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COVID-19 is more widespread than ever in the US, even hitting Americans living on islands

Coronavirus is more widespread in the US than ever before, prompting White House coronavirus response coordinator Dr. Deborah Birx to say over the weekend the country has entered a “new phase” of the pandemic.

The virus is now hitting urban, suburban and rural areas and has even spread to Americans living on distant islands. Hawaii and Puerto Rico both saw their highest seven-day averages of new daily cases on Monday, per data from Johns Hopkins University.

Nationally, the seven-day average of new daily cases is at about 60,000 and slowly declining, while deaths, which typically lag several weeks behind, are steadily increasing. For a week straight now, the US has had a seven-day average of over 1,000 deaths per day.

At the same time, the states that led the summer surge — California, Florida, Texas and Arizona — have seen cases plateau and slightly decrease in recent weeks from their highs. Florida is averaging about 8,448 new daily cases per day over the last seven days, a number that is actually 18% lower than the week prior.

Tropical storms and hurricanes will complicate the efforts to cope with the coronavirus, the Pan American Health Organization said Tuesday.

Tropical storm Isaias, now rolling up the US East Coast, is a reminder of how storms can disrupt public health efforts. Isaias has caused flooding and spawned tornadoes, driving people from their homes and knocking out electricity for hundreds of thousands of people.

“This is adding a new layer of complexity to the response to the public health emergency for COVID-19,” Dr. Sylvain Aldighieri, incident manager for PAHO, told reporters.

“With the COVID-19 situation, we have to be prepared for a set of new challenges in terms of population that would have to move to shelters, with new challenges for implementing the social distancing, the hand hygiene, the wearing of masks,” Aldighieri said.

Evacuations and power outages can especially threaten efforts to treat coronavirus patients — and others — in intensive care units, Aldighieri said.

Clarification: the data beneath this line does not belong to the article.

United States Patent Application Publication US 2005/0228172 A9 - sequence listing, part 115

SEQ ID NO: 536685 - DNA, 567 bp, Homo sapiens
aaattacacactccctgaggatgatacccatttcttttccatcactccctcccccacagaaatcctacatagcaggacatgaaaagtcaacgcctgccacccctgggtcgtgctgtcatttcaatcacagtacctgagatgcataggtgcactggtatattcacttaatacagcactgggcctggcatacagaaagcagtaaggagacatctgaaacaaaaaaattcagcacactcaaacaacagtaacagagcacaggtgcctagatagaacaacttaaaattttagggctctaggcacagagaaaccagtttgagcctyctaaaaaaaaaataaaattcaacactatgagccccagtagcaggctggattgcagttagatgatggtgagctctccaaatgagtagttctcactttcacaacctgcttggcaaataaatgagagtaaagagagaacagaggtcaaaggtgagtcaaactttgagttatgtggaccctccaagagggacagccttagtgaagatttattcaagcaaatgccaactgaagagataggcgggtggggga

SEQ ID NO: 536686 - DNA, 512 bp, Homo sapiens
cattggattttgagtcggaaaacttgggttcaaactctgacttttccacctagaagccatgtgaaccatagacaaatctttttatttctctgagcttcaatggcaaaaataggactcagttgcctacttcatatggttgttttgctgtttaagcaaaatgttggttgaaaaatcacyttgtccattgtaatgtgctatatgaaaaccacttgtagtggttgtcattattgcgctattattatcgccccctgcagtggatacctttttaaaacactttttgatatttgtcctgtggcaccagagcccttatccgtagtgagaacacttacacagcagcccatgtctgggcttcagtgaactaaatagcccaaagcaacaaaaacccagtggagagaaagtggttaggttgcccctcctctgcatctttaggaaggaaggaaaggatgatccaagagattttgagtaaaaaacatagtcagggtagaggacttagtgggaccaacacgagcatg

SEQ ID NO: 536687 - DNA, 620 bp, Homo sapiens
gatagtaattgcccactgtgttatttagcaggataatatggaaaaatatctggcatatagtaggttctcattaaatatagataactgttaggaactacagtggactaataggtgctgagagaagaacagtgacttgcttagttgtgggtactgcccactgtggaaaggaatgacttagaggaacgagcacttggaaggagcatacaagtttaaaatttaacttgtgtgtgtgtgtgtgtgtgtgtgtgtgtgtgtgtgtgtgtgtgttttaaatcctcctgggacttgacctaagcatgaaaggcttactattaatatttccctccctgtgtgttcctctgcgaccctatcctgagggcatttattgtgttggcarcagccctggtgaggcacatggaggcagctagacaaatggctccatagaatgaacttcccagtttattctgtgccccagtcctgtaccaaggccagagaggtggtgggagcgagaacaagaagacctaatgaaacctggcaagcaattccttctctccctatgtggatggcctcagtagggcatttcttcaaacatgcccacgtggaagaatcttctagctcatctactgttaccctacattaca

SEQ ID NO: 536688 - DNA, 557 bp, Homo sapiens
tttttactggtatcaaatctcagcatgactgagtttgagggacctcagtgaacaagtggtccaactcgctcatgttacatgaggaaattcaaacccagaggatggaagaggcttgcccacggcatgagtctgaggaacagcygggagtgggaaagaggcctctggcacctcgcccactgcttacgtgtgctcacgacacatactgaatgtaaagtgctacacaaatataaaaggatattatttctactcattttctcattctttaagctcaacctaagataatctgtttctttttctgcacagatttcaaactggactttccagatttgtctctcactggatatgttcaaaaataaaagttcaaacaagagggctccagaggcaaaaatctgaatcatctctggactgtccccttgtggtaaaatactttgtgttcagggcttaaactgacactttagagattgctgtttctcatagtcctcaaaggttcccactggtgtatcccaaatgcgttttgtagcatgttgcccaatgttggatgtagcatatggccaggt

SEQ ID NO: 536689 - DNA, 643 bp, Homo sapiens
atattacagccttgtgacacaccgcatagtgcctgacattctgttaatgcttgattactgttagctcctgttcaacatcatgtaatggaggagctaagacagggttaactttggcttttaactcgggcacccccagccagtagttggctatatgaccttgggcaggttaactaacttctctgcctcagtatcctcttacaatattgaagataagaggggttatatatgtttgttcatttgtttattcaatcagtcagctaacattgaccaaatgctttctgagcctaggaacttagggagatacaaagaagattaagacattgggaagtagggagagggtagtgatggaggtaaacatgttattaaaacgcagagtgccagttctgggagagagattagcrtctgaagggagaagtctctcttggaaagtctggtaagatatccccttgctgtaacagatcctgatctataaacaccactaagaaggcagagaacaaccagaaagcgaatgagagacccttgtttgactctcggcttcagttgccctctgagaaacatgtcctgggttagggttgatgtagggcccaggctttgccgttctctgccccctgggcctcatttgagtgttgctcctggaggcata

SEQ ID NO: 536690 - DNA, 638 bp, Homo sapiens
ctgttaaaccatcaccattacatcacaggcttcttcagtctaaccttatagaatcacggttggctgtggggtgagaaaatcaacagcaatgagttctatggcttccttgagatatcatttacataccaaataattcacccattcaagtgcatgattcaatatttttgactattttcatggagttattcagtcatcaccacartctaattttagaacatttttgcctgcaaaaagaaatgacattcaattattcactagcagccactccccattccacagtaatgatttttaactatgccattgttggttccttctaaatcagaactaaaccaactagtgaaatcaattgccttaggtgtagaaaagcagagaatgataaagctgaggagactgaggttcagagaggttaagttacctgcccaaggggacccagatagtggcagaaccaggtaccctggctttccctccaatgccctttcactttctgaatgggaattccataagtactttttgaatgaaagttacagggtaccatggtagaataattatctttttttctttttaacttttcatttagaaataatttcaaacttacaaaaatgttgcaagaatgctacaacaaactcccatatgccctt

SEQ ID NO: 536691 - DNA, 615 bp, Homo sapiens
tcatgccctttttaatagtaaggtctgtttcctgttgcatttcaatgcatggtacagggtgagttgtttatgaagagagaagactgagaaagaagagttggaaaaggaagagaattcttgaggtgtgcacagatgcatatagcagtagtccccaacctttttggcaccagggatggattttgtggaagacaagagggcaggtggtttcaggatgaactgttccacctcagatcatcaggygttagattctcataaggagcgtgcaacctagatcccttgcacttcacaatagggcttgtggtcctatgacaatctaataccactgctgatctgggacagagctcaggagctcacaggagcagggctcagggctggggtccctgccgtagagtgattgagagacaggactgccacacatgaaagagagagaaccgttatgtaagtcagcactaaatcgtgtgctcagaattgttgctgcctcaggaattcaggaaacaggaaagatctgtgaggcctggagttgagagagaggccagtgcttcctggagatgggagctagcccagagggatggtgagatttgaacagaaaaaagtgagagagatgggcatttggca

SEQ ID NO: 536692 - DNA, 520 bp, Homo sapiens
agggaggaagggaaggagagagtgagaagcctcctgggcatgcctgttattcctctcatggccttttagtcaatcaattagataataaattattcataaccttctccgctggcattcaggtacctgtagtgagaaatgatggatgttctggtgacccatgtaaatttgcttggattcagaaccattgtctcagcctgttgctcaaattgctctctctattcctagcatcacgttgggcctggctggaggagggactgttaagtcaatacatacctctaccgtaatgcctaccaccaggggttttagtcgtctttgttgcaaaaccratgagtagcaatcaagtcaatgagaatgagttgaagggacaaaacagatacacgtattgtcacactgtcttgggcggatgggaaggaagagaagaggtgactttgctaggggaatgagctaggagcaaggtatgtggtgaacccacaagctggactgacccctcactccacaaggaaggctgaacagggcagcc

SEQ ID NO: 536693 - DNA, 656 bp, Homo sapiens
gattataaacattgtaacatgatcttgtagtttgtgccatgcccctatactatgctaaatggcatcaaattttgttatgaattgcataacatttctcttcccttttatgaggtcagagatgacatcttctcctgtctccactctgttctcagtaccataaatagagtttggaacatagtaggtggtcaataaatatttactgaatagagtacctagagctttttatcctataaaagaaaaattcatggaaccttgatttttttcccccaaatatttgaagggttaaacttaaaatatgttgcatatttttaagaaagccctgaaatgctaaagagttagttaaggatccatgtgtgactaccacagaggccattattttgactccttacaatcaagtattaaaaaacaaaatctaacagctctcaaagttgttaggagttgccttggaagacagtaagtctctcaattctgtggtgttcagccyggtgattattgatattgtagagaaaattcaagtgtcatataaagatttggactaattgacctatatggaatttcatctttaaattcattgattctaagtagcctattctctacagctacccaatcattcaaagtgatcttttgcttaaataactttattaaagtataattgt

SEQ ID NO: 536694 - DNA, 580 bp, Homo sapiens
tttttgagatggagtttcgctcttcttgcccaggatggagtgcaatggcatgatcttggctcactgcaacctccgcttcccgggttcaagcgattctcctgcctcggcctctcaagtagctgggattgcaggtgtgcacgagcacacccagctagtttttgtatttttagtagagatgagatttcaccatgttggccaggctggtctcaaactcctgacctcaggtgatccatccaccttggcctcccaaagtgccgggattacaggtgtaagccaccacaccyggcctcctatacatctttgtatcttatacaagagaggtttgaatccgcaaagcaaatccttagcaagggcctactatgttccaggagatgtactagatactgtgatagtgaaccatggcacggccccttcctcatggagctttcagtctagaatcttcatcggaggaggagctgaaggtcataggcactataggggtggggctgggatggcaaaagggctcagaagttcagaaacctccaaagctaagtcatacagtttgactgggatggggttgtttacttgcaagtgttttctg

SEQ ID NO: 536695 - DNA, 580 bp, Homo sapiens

Promising vaccine results

A third US company released study results showing its coronavirus vaccine is safe and elicits an immune response.

Novavax Inc., released Phase 1 data Tuesday from 131 volunteers showing that after two doses of the vaccine, participants developed neutralizing antibodies at levels more than four times higher, on average, than antibodies developed by people who’d recovered from COVID-19.

Neutralizing antibodies fight off the virus that causes COVID-19.

“That’s good. That’s really encouraging,” said Novavax president Dr. Gregory Glenn.

The vaccine also induced a response from T cells, a type of immune cell, according to an analysis of 16 randomly selected volunteers, the report states.

The report was posted on a pre-print server and has not been reviewed by other scientists.

Two other US companies — Moderna and Pfizer — have released encouraging Phase 1 data. Last week, those two companies started their Phase 3 trials with 30,000 volunteers each.

Also on Tuesday, governors from Maryland, Louisiana, Massachusetts, Michigan, Ohio and Virginia announced a bipartisan compact to run 3 million rapid antigen tests to slow the spread of COVID-19 and continue safely reopening their states, according to a statement.

The agreement between six governors—three Republicans and three Democrats—demonstrates to private manufacturers that there is in fact a significant demand to scale up the production of these the rapid tests, which deliver results in 15-20 minutes, the statement reads.